This week Maria and I launched a new project that is near and dear to our hearts: The Society of Beer Travelers. It is place where like minded people can come together and share their stories and experiences.
When you join the group you also get the Beer Travel Starter Kit which includes the BreweryMap app, Beer Travel Passport, SOBT T-shirt, and profile page to track and share your travels. The whole kit is awesome but I want to take a moment to discuss the Beer Travel Passport as it is near and dear to my heart. Not just because I designed it and am really happy with the way it turned out but because of what it represents.
I love notebooks especially those of the pocket sized variety so it came as no surprise that I instantly had a connection to my first passport. The sheer utilitarian aspect of a book that records your path across the globe is instantly comprehensible. While it was initially designed as a method to verify a citizen’s nationality as they travel, it has turned in to a symbol of travel as a whole.
It is both visual and visceral. The feel of the durable woven cover reminds you of past adventures. Each stamp represents a stage on your journey and in most cases a specific story of discovering new lands. Pages full of half inked stamps conjure up memories of past encounters with people you laughed and shared tales with never to be seen again.
Beer travel is not much different from international travel. You intentionally put yourself somewhere that is unfamiliar to create new experiences. This is why I wanted to create the beer travel equivalent of a passport. Something you can record your journey in with all the tactile, emotional, and functional benefits of the government issued variety.
When it came to designing the actual book I took a lot of cues from the tried and true US passports. It’s straight forward grid layout and typography is clean and meant to be quickly comprehended at a glance.
However, I needed it to be more than a place to collect stamps. During our visits I always found myself needing a notebook to write down tidbits about the brewery, recommendations for nearby beer destinations, names, numbers, and even sketch out an occasional idea or diagram.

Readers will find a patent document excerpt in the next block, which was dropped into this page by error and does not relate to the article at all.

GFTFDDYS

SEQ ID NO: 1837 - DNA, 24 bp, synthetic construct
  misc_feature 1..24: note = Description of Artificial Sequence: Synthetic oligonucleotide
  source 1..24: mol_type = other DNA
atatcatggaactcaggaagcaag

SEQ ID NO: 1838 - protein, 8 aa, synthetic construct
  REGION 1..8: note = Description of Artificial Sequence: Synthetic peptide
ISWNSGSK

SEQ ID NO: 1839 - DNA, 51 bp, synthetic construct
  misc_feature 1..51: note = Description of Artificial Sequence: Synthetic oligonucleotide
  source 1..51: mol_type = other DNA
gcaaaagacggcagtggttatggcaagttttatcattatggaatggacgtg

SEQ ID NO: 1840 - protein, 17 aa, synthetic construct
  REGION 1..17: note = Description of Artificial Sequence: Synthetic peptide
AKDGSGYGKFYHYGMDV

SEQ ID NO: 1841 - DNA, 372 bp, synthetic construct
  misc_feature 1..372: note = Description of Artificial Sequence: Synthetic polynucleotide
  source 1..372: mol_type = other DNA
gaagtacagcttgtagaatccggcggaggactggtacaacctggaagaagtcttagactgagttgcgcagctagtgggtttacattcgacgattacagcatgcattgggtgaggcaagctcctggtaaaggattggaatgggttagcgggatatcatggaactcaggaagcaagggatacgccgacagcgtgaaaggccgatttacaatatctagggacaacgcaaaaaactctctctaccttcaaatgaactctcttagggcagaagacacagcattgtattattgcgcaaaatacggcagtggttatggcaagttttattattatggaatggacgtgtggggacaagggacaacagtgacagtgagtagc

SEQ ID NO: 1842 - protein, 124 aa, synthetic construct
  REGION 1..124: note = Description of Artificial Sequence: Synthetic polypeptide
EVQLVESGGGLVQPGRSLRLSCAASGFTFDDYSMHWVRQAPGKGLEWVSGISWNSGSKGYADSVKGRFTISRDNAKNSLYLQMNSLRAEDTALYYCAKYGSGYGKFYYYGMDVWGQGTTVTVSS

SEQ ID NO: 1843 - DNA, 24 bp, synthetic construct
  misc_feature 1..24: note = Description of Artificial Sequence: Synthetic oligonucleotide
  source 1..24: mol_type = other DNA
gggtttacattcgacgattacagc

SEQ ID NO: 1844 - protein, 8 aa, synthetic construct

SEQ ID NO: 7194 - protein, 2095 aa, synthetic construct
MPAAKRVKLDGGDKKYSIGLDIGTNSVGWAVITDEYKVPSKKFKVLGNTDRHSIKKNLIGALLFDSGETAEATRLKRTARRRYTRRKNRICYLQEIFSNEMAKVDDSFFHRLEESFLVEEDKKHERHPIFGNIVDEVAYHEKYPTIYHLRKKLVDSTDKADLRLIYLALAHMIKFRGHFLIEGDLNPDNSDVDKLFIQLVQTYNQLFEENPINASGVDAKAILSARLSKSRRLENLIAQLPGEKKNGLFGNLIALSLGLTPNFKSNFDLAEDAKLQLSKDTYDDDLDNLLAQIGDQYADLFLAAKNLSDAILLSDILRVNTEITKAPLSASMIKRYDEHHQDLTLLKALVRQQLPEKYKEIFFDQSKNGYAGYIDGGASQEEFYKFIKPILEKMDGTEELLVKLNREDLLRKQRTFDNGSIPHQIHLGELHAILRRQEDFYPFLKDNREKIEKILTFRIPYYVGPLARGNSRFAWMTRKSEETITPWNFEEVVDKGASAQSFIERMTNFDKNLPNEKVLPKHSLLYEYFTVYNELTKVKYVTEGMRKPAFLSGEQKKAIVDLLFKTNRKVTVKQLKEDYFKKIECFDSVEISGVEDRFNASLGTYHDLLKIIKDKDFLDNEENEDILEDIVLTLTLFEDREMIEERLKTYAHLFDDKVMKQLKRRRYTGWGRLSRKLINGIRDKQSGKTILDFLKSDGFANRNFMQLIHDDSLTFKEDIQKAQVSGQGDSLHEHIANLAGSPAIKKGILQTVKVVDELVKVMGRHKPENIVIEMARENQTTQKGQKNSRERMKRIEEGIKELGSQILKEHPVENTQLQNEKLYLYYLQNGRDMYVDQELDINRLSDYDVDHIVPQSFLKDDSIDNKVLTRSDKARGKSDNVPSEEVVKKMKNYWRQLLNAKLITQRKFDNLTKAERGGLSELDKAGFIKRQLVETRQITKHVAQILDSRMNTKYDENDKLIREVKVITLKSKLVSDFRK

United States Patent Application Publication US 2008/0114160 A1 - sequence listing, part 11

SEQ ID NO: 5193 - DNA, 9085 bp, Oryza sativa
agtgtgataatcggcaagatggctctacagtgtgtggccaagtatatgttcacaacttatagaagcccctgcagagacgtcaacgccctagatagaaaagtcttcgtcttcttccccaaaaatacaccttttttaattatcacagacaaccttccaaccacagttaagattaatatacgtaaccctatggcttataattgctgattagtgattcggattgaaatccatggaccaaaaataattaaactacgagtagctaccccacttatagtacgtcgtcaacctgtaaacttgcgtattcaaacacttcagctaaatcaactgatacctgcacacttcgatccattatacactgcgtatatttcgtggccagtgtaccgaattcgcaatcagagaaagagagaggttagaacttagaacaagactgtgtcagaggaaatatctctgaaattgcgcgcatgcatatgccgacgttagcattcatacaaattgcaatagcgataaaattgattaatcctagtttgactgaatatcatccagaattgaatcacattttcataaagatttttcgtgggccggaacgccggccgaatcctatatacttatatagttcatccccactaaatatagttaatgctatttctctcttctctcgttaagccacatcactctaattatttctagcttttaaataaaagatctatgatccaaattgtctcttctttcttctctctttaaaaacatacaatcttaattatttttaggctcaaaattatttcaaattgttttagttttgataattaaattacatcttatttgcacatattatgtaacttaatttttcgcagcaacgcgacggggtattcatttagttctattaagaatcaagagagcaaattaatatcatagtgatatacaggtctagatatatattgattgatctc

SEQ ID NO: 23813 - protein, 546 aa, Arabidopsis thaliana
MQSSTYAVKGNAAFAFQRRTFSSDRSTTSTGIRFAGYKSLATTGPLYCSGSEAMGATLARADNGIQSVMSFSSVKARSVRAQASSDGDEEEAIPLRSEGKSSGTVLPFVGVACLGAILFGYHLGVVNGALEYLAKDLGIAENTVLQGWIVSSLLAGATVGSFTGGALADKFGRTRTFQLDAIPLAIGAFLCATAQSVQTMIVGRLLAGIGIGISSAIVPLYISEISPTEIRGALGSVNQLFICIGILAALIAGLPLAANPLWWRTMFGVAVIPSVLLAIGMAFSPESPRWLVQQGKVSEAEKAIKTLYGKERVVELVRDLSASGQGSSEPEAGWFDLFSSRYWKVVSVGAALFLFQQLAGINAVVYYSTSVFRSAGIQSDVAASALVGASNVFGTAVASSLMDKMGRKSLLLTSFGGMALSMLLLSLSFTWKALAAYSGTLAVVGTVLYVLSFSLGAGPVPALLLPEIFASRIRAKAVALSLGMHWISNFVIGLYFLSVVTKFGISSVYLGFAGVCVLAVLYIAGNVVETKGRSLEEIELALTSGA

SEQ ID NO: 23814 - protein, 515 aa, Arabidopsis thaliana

This needed to be a versatile book so I knew line ruled sheets were out, but I didn’t like the idea of just having a blank page. I settled on a happy mix by using a dotted grid to provide straight lines when you needed them but small enough to ignore when you didn’t.
It also needed to be easy to fill out the basics so you could concentrate on the experience, not on recording the experience. Many times I found myself missing part of conversation as I was too focused on recording what I had just heard. I decided to use check boxes for the standard info like the type of destination and how you traveled to it.
The validation system needed to be versatile enough to account for anything since many breweries and bars don’t have a stamp. We decided to keep it simple and provide enough room for some common memorabilia like stickers, signatures, and stamps as well since Ale Trails and the like are becoming more and more popular.
A fun addition we made were the maps in the back. These allow you to mark off the states and even countries that this passport has seen. Check them off or fill in the map, either way you’ll have a visual record of the adventure.
Of course a passport needs to be personal. You have to feel that is unique to you and no one else could use it. So just as any other passport would require a photo and signature to be valid, so does the Society. The Date of Issue and Completion boxes allow you to keep your journeys straight as you fill up multiple Passports and see more and more places.
It was a fun process and I am really excited with how well they turned out. I think every beer traveler should have one, but remember you can only get the passport by joining the Society of Beer Travelers so sign up while supplies last.